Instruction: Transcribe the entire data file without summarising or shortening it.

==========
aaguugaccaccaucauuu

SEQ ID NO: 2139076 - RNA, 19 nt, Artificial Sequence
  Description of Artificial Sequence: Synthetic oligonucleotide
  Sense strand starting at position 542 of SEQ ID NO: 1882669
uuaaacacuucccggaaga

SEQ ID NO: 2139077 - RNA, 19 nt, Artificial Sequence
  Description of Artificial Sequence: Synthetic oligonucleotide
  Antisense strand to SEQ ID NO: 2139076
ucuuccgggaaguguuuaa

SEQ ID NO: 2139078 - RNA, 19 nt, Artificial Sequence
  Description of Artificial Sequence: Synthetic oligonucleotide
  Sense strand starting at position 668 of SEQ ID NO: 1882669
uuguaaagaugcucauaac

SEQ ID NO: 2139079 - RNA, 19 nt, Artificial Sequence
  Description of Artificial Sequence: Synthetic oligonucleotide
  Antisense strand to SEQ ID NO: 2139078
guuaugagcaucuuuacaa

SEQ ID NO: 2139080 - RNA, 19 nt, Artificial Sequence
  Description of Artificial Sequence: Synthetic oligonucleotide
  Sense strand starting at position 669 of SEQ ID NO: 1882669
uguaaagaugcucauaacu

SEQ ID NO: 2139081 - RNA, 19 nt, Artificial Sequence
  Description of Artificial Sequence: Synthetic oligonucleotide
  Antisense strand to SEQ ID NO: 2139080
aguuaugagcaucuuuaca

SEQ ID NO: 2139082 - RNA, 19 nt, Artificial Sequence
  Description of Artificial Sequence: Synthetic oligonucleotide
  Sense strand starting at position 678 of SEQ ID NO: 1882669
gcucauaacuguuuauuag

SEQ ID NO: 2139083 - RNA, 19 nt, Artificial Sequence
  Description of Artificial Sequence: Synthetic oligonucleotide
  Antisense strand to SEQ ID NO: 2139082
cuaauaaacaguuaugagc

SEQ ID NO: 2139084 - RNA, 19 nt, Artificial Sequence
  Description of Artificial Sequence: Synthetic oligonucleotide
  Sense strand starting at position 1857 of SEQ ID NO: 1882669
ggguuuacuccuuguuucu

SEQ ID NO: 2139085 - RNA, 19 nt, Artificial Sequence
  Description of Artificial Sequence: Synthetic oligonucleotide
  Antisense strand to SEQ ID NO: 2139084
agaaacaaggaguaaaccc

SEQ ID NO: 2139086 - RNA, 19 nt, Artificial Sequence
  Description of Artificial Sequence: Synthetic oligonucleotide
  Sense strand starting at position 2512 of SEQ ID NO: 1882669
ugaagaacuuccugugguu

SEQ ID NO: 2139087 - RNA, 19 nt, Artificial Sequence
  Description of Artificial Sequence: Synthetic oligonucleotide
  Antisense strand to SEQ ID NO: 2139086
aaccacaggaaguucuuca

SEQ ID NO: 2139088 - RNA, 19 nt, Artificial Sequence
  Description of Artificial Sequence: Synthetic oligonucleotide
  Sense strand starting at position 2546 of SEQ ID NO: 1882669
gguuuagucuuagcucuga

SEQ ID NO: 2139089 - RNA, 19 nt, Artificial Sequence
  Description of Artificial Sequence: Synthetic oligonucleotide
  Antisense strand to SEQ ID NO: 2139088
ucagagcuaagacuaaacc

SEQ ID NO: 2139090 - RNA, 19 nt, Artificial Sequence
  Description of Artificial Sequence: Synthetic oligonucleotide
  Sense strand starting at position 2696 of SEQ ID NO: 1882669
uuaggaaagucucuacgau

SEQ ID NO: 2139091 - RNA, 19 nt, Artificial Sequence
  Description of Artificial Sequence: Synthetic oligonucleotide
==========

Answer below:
aaguugaccaccaucauuu

SEQ ID NO: 2139076 - RNA, 19 nt, Artificial Sequence
  Description of Artificial Sequence: Synthetic oligonucleotide
  Sense strand starting at position 542 of SEQ ID NO: 1882669
uuaaacacuucccggaaga

SEQ ID NO: 2139077 - RNA, 19 nt, Artificial Sequence
  Description of Artificial Sequence: Synthetic oligonucleotide
  Antisense strand to SEQ ID NO: 2139076
ucuuccgggaaguguuuaa

SEQ ID NO: 2139078 - RNA, 19 nt, Artificial Sequence
  Description of Artificial Sequence: Synthetic oligonucleotide
  Sense strand starting at position 668 of SEQ ID NO: 1882669
uuguaaagaugcucauaac

SEQ ID NO: 2139079 - RNA, 19 nt, Artificial Sequence
  Description of Artificial Sequence: Synthetic oligonucleotide
  Antisense strand to SEQ ID NO: 2139078
guuaugagcaucuuuacaa

SEQ ID NO: 2139080 - RNA, 19 nt, Artificial Sequence
  Description of Artificial Sequence: Synthetic oligonucleotide
  Sense strand starting at position 669 of SEQ ID NO: 1882669
uguaaagaugcucauaacu

SEQ ID NO: 2139081 - RNA, 19 nt, Artificial Sequence
  Description of Artificial Sequence: Synthetic oligonucleotide
  Antisense strand to SEQ ID NO: 2139080
aguuaugagcaucuuuaca

SEQ ID NO: 2139082 - RNA, 19 nt, Artificial Sequence
  Description of Artificial Sequence: Synthetic oligonucleotide
  Sense strand starting at position 678 of SEQ ID NO: 1882669
gcucauaacuguuuauuag

SEQ ID NO: 2139083 - RNA, 19 nt, Artificial Sequence
  Description of Artificial Sequence: Synthetic oligonucleotide
  Antisense strand to SEQ ID NO: 2139082
cuaauaaacaguuaugagc

SEQ ID NO: 2139084 - RNA, 19 nt, Artificial Sequence
  Description of Artificial Sequence: Synthetic oligonucleotide
  Sense strand starting at position 1857 of SEQ ID NO: 1882669
ggguuuacuccuuguuucu

SEQ ID NO: 2139085 - RNA, 19 nt, Artificial Sequence
  Description of Artificial Sequence: Synthetic oligonucleotide
  Antisense strand to SEQ ID NO: 2139084
agaaacaaggaguaaaccc

SEQ ID NO: 2139086 - RNA, 19 nt, Artificial Sequence
  Description of Artificial Sequence: Synthetic oligonucleotide
  Sense strand starting at position 2512 of SEQ ID NO: 1882669
ugaagaacuuccugugguu

SEQ ID NO: 2139087 - RNA, 19 nt, Artificial Sequence
  Description of Artificial Sequence: Synthetic oligonucleotide
  Antisense strand to SEQ ID NO: 2139086
aaccacaggaaguucuuca

SEQ ID NO: 2139088 - RNA, 19 nt, Artificial Sequence
  Description of Artificial Sequence: Synthetic oligonucleotide
  Sense strand starting at position 2546 of SEQ ID NO: 1882669
gguuuagucuuagcucuga

SEQ ID NO: 2139089 - RNA, 19 nt, Artificial Sequence
  Description of Artificial Sequence: Synthetic oligonucleotide
  Antisense strand to SEQ ID NO: 2139088
ucagagcuaagacuaaacc

SEQ ID NO: 2139090 - RNA, 19 nt, Artificial Sequence
  Description of Artificial Sequence: Synthetic oligonucleotide
  Sense strand starting at position 2696 of SEQ ID NO: 1882669
uuaggaaagucucuacgau

SEQ ID NO: 2139091 - RNA, 19 nt, Artificial Sequence
  Description of Artificial Sequence: Synthetic oligonucleotide